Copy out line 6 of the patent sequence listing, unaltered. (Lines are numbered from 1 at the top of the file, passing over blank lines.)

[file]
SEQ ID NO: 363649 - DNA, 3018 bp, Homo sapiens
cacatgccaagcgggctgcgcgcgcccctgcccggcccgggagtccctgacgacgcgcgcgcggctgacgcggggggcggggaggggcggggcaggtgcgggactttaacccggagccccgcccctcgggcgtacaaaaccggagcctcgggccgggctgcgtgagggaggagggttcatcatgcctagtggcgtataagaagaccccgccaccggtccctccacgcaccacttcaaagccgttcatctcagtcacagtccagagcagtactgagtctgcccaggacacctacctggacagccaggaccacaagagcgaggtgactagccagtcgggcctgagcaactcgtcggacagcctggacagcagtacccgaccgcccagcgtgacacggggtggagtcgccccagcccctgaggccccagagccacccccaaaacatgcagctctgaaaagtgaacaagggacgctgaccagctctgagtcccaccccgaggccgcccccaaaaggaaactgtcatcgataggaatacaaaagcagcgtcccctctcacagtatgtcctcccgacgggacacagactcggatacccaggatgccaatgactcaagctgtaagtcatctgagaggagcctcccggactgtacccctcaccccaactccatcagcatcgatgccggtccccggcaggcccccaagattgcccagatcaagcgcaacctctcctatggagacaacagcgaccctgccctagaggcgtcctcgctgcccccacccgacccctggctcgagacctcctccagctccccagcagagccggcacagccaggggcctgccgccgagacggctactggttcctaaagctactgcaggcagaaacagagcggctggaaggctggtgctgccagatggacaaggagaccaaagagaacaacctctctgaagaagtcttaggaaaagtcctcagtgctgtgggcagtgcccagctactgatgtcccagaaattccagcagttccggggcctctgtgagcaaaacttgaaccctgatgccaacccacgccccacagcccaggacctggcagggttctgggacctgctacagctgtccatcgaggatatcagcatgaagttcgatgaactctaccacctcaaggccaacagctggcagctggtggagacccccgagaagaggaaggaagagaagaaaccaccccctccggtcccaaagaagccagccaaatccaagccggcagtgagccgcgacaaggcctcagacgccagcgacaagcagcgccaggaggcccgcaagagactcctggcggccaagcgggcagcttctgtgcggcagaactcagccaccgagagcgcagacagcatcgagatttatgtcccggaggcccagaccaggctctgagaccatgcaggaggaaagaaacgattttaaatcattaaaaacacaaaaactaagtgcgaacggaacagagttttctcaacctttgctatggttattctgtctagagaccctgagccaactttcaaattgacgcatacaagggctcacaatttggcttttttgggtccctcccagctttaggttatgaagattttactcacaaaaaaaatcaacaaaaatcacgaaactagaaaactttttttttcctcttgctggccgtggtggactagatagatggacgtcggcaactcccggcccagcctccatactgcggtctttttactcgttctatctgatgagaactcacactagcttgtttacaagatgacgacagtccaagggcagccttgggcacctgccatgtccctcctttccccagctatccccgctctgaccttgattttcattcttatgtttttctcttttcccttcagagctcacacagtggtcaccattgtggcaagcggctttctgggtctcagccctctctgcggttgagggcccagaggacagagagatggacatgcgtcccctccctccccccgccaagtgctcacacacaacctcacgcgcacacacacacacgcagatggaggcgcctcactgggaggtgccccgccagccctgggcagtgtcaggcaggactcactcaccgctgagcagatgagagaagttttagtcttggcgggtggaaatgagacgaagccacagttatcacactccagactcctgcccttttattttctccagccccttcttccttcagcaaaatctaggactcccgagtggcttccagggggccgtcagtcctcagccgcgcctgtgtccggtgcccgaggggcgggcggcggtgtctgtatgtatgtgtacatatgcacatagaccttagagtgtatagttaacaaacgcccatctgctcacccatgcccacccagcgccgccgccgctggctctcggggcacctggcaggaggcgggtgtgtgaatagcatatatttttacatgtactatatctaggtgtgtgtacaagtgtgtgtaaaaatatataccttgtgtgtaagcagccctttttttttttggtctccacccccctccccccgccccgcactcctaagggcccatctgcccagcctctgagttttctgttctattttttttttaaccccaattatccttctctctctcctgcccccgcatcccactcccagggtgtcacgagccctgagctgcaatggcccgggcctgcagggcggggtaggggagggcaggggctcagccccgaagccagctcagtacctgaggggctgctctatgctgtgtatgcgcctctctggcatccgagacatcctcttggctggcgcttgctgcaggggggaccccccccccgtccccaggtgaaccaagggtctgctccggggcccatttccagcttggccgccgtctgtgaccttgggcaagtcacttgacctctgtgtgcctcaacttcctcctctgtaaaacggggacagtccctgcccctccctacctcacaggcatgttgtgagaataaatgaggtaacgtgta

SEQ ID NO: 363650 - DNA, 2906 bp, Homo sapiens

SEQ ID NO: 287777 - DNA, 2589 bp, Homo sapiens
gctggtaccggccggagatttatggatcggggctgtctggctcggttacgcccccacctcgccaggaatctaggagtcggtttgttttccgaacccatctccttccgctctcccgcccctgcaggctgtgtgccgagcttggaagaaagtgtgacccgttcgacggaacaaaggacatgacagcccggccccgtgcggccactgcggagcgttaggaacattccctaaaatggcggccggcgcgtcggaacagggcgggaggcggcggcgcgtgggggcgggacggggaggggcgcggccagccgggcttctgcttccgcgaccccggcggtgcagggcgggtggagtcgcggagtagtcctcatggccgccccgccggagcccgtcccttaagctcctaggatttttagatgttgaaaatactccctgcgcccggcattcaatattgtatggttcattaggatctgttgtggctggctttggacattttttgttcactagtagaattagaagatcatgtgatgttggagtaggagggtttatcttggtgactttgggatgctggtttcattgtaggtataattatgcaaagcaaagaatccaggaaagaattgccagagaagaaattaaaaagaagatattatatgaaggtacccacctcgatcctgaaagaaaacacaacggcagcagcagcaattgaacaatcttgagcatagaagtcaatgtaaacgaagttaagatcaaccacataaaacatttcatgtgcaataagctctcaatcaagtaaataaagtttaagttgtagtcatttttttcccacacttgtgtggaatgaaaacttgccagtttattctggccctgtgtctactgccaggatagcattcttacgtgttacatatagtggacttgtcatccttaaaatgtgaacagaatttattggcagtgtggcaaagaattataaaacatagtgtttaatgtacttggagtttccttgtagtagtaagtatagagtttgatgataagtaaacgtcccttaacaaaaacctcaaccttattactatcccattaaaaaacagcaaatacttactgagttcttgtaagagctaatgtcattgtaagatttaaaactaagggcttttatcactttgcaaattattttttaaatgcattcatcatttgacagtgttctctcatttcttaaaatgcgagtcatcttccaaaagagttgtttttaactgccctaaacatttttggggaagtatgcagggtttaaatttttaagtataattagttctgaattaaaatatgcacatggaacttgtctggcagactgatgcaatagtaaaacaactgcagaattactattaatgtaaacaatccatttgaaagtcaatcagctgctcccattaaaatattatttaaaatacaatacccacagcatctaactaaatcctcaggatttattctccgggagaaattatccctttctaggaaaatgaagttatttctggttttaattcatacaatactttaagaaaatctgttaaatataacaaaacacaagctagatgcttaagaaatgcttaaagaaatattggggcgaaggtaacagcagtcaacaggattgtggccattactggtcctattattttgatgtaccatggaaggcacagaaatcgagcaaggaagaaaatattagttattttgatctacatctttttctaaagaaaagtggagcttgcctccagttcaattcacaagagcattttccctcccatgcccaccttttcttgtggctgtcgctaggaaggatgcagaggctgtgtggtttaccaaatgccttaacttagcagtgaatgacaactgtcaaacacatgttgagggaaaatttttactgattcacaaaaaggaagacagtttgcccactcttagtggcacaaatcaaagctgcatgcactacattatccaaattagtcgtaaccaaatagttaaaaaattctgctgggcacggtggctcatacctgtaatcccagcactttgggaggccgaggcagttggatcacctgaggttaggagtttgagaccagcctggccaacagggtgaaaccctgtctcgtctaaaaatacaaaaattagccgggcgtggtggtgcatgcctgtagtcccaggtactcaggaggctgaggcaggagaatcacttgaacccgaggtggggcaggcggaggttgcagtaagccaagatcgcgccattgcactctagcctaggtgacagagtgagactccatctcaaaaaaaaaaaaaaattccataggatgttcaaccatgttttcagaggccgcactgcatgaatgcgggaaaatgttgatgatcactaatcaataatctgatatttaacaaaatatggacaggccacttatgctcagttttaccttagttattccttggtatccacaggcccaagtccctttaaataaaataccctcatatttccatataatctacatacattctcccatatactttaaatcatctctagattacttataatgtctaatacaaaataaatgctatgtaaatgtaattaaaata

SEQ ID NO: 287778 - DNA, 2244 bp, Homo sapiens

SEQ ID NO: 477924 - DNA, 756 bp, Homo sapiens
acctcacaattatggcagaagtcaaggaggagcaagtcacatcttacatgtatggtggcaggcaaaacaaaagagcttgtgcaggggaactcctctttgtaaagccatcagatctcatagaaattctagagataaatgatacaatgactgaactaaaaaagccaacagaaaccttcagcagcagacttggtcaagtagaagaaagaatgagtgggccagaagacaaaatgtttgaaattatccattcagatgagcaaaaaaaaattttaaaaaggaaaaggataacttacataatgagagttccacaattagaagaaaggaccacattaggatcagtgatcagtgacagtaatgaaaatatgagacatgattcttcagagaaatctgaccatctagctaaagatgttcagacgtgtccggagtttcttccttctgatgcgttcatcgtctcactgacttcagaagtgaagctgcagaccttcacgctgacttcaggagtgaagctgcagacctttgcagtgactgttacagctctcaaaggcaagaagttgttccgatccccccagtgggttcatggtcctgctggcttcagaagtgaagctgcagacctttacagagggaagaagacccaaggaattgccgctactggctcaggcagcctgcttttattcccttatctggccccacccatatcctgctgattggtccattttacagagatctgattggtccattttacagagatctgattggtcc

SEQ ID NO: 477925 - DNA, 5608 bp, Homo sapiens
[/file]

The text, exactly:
SEQ ID NO: 287778 - DNA, 2244 bp, Homo sapiens